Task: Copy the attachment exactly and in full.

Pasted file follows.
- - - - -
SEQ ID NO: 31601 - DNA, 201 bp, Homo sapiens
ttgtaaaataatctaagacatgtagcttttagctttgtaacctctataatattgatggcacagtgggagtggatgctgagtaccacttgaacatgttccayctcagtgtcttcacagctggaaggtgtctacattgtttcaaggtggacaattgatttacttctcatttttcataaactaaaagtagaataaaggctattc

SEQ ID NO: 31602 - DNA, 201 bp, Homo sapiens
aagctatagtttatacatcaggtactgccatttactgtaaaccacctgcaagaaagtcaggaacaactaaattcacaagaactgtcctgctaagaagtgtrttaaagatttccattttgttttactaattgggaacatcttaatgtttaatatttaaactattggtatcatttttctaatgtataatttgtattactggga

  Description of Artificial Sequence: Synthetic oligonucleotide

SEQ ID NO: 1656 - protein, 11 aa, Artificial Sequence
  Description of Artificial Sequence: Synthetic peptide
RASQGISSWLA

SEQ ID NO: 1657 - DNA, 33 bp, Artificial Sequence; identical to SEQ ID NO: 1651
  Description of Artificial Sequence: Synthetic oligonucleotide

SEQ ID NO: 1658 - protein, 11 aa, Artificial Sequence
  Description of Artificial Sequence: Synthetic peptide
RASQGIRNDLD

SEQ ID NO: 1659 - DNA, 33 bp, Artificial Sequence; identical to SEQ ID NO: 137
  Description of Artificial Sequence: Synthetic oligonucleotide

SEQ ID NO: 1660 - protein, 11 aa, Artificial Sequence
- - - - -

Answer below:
SEQ ID NO: 31601 - DNA, 201 bp, Homo sapiens
ttgtaaaataatctaagacatgtagcttttagctttgtaacctctataatattgatggcacagtgggagtggatgctgagtaccacttgaacatgttccayctcagtgtcttcacagctggaaggtgtctacattgtttcaaggtggacaattgatttacttctcatttttcataaactaaaagtagaataaaggctattc

SEQ ID NO: 31602 - DNA, 201 bp, Homo sapiens
aagctatagtttatacatcaggtactgccatttactgtaaaccacctgcaagaaagtcaggaacaactaaattcacaagaactgtcctgctaagaagtgtrttaaagatttccattttgttttactaattgggaacatcttaatgtttaatatttaaactattggtatcatttttctaatgtataatttgtattactggga

  Description of Artificial Sequence: Synthetic oligonucleotide

SEQ ID NO: 1656 - protein, 11 aa, Artificial Sequence
  Description of Artificial Sequence: Synthetic peptide
RASQGISSWLA

SEQ ID NO: 1657 - DNA, 33 bp, Artificial Sequence; identical to SEQ ID NO: 1651
  Description of Artificial Sequence: Synthetic oligonucleotide

SEQ ID NO: 1658 - protein, 11 aa, Artificial Sequence
  Description of Artificial Sequence: Synthetic peptide
RASQGIRNDLD

SEQ ID NO: 1659 - DNA, 33 bp, Artificial Sequence; identical to SEQ ID NO: 137
  Description of Artificial Sequence: Synthetic oligonucleotide

SEQ ID NO: 1660 - protein, 11 aa, Artificial Sequence